The limits of a SEP IRA are much higher than those of a traditional or Roth IRA. Contributions can be as much as 25 percent of an employee’s annual salary or $58,000, whichever is lower. Unlike a 401(k) plan though, those contributions aren’t left to the mercy of the company’s fund manager. The employee can still have a say in how the SEP IRA invests their retirement funds.
The aim of a SEP IRA is to help small businesses offer their employees retirement plans without the complexity and expense of creating a 401(k). But the fact that they’re also available to sole proprietorships can make them useful for freelancers and other small business owners with just one or two employees. Someone who runs their own business themselves can set up a SEP IRA, contribute up to $58,000 in pre-tax funds and still maintain control over their retirement fund. It’s one way around the problem of not having an employer who can pay into the company’s 401(k) plan.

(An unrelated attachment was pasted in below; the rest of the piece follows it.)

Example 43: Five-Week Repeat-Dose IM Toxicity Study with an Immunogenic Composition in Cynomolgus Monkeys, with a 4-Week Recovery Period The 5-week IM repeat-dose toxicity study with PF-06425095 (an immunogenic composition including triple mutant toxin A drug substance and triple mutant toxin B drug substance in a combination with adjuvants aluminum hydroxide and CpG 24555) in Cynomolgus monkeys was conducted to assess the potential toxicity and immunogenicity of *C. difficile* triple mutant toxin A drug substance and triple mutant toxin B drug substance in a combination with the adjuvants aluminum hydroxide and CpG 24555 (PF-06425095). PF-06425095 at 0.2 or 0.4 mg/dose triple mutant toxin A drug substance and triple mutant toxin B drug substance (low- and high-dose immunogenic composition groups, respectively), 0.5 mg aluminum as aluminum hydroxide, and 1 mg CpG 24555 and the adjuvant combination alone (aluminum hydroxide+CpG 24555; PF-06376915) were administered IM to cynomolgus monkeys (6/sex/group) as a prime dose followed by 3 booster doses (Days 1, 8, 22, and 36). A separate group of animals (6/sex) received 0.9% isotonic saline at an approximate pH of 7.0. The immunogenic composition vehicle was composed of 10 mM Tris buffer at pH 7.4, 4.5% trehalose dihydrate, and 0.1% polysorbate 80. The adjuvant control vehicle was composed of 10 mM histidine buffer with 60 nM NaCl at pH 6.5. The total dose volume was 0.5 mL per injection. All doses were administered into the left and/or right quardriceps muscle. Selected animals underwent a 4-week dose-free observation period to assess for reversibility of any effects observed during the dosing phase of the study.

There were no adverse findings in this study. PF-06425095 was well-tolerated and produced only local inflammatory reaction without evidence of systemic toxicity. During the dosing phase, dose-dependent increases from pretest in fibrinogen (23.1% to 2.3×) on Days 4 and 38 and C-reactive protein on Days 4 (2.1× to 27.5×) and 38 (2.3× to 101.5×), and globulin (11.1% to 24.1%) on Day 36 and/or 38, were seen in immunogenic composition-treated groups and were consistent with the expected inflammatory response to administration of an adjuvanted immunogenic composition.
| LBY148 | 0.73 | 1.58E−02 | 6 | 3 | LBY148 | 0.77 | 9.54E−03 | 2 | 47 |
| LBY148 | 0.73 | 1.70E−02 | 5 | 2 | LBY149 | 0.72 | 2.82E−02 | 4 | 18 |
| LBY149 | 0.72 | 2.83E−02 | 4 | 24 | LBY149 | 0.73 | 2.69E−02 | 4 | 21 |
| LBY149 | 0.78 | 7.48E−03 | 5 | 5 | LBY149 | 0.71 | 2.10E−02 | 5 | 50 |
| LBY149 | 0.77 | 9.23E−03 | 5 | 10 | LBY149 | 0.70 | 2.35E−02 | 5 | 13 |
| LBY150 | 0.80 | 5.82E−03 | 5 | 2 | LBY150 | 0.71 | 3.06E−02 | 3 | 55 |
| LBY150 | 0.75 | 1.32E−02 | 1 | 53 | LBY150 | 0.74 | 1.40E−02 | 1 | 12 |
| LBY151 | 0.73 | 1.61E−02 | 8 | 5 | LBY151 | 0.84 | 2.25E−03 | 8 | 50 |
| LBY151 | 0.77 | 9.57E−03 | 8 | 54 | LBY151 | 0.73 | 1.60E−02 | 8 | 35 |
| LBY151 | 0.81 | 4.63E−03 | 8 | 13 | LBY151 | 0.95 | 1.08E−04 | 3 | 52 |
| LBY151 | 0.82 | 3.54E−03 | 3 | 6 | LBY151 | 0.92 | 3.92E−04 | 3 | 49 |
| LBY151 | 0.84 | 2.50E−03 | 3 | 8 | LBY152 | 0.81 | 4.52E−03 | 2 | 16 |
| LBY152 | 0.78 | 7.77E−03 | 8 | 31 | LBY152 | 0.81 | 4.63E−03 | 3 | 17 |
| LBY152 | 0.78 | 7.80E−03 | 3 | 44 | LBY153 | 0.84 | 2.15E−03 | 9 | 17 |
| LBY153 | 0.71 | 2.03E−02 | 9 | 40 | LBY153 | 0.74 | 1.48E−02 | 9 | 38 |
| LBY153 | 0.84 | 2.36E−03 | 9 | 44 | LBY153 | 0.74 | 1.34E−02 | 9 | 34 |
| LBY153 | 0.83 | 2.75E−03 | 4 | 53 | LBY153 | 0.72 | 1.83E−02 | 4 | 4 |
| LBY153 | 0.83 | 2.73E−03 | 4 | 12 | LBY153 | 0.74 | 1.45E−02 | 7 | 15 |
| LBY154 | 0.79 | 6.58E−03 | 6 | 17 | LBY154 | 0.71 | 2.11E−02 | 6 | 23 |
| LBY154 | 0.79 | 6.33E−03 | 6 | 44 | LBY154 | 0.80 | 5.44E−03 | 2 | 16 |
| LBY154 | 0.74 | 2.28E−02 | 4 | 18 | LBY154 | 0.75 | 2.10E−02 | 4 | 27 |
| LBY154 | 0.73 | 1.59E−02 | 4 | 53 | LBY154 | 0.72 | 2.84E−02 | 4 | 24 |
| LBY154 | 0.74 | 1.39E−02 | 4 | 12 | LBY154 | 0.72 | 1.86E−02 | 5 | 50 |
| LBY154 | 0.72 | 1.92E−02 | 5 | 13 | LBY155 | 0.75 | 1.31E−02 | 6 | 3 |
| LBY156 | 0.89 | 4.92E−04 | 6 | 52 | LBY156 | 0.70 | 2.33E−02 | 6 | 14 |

Which IRA you choose—if you choose an IRA at all—will depend on your income level, your employment status, and your tax liability.
And IRAs and 401(k) plans aren’t the only way to save for retirement. You can also consider an annuity.